New Puritans are the subject of Just Say 'No' [via philgyford] in the Observer magazine. So: a New Puritan does not binge drink, smoke, buy big brands, take cheap flights, eat junk food, have multiple sexual partners, waste money on designer clothes, grow beyond their optimum weight, subscribe to celebrity magazines, drive a flash car, or live to watch television. There's another aspect to this trend: Arguably, these personal codes of conduct would be an arresting enough story on their own, but the New Puritan's curbs must also be extended to other people's behaviour, and wherever possible enshrined by legislation - for New Puritans do not fear the nanny state.

Which sounds like it's the end times. It could be the first appearance of what Strauss and Howe term the Hero generation. Generations, they say, occur in cycles of Prophet, Nomad, Hero, Artist. The current Hero generation consists of those folks born from 1982 to the present, and they are conventional, uber-powerful, homogeneous and devoted to serving the state, having a deep trust in authority and being the perfect soldiers for a major war.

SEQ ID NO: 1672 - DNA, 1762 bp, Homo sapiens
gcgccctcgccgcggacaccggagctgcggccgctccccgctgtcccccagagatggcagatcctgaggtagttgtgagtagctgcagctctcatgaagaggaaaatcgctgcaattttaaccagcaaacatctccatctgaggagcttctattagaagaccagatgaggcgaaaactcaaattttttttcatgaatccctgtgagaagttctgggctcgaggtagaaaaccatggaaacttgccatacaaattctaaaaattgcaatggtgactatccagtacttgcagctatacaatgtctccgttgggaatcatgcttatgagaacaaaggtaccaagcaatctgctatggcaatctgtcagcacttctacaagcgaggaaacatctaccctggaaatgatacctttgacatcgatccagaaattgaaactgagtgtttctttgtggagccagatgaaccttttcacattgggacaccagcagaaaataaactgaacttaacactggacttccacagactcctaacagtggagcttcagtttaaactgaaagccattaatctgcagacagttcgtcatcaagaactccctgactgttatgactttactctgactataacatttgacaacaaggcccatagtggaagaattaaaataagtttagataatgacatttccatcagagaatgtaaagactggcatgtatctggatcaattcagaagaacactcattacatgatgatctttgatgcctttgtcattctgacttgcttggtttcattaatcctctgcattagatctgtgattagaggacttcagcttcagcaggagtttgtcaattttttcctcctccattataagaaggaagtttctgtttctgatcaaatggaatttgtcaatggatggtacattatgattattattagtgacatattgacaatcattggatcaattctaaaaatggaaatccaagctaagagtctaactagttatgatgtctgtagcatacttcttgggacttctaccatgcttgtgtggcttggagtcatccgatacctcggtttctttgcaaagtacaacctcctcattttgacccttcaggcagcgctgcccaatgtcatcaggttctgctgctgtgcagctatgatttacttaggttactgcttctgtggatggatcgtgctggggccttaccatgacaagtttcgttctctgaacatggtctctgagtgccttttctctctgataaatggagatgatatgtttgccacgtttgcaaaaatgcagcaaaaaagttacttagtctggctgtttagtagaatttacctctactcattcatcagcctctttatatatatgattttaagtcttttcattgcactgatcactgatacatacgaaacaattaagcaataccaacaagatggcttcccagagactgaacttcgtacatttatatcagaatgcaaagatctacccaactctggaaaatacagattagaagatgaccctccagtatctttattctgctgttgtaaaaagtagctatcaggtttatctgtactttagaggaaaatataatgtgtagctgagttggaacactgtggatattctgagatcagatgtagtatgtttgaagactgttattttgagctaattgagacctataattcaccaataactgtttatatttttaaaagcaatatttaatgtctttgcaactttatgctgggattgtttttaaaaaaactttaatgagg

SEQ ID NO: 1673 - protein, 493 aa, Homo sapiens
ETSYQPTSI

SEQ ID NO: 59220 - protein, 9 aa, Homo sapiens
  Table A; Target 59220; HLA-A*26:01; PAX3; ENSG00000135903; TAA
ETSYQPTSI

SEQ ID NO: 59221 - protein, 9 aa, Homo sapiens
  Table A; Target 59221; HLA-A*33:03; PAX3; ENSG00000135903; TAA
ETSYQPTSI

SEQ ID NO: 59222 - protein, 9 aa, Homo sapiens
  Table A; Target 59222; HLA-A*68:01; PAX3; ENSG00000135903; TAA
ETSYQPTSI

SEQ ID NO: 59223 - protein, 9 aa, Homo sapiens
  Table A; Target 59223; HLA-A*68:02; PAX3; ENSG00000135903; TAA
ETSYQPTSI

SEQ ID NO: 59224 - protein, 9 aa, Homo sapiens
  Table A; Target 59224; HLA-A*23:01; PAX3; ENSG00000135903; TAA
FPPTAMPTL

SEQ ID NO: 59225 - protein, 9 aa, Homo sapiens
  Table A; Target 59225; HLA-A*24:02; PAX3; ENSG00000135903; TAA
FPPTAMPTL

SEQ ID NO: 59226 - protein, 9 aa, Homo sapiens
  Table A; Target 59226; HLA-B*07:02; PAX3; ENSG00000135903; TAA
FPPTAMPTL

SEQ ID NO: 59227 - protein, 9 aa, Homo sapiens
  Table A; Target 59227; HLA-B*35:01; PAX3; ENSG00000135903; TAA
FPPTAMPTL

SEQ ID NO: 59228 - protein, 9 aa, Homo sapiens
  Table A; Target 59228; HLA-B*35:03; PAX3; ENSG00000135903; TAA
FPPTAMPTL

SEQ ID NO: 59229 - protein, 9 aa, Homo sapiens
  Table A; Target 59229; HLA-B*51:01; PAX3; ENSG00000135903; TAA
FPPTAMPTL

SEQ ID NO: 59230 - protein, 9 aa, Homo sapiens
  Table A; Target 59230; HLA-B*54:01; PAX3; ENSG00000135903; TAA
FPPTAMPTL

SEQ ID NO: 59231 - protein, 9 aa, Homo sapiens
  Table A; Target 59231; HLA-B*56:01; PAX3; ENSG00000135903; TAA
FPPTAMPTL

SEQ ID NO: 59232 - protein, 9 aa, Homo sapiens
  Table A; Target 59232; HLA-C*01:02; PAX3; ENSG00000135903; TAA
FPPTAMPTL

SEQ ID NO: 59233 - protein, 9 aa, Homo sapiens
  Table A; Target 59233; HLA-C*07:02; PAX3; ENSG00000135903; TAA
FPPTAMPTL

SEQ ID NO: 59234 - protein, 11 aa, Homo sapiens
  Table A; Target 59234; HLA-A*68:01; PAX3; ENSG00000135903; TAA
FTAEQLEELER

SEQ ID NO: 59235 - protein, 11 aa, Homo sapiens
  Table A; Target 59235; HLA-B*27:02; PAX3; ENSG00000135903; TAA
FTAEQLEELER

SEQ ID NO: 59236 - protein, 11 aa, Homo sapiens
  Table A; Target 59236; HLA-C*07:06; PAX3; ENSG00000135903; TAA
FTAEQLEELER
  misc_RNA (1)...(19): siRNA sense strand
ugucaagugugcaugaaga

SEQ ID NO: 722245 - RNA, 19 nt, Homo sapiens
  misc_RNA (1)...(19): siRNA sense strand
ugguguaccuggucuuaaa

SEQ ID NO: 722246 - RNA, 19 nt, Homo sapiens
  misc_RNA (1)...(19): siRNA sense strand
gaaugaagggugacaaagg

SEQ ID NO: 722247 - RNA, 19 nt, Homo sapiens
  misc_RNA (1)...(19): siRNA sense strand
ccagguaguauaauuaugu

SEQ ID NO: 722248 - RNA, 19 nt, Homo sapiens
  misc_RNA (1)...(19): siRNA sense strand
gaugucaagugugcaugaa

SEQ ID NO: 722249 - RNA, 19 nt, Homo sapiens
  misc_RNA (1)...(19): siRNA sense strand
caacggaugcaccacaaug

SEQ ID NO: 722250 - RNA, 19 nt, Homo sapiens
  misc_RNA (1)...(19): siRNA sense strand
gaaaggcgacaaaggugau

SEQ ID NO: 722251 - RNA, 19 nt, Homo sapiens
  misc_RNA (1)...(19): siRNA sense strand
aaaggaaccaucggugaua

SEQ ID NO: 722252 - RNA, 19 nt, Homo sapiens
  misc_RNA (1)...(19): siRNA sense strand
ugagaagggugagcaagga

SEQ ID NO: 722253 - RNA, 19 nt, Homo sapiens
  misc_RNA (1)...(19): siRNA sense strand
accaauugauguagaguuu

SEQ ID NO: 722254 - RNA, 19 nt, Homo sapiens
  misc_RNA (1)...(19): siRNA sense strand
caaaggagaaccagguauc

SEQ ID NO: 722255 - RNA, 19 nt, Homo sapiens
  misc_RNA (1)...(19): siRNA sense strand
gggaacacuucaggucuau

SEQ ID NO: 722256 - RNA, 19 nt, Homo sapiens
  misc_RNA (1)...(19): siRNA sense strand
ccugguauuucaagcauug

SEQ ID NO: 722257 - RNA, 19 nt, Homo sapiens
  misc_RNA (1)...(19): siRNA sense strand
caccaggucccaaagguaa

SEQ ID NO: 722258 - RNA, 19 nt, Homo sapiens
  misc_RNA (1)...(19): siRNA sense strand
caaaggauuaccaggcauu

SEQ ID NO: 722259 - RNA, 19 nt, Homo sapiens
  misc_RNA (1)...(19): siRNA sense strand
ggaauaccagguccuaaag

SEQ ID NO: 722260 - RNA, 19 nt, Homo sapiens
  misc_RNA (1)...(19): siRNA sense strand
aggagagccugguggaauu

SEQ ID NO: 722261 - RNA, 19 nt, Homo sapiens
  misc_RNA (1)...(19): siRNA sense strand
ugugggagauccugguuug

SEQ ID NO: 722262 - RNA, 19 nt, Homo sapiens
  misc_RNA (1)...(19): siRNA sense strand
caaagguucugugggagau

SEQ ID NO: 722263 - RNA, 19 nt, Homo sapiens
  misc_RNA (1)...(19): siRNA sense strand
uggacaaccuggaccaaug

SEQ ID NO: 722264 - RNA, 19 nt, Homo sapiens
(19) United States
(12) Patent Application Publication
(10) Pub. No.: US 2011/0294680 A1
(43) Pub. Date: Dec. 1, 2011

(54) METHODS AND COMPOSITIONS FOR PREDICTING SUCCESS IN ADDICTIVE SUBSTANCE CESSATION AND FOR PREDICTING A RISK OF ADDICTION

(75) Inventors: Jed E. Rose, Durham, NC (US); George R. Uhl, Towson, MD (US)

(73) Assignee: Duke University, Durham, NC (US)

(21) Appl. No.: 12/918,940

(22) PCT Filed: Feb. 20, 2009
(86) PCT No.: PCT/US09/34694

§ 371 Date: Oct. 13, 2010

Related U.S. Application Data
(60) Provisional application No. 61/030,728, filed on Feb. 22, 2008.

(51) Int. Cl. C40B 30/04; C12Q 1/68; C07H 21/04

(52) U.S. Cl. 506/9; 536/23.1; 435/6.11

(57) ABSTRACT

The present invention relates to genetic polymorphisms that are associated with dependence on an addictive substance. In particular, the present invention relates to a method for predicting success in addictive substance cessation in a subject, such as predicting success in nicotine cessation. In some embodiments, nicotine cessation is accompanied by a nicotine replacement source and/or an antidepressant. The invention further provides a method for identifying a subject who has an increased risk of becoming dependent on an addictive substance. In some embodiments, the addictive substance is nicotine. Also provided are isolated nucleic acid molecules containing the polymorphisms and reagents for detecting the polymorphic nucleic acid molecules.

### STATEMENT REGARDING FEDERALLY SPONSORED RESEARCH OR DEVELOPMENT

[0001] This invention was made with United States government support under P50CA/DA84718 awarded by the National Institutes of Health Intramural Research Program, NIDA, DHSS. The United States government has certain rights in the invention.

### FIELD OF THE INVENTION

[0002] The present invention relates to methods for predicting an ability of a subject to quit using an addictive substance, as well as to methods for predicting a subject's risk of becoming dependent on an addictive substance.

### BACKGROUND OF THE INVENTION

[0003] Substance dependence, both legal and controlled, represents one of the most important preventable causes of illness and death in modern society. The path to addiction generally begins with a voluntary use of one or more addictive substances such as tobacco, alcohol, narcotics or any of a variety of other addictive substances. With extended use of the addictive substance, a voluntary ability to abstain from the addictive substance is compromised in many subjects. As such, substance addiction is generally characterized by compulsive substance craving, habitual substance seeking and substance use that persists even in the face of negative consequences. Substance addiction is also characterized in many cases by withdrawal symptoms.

Contrast that to the cynical Nomads preceding them (Generation X), or the 1960s Prophets before that. And if they are indeed a civic Hero generation, that means our society is currently experiencing an Unravelling (alienation, wild times), and will shortly - pretty much around now - be entering a Crisis. New value systems will replace the old order with a new one. Previous Crisis periods include the American Civil War, and World War II--in a Crisis, everything is up for grabs, and the Hero generation are the ground troops.

In The Collapse of Complex Societies, Tainter lists some characteristics of collapse, which are reproduced in this essay, What Is "Collapse". There are two themes in that list I want to pick out. One is a move to less overall coordination and control, and another is less investment in the epiphenomena of complexity such as monumental architecture.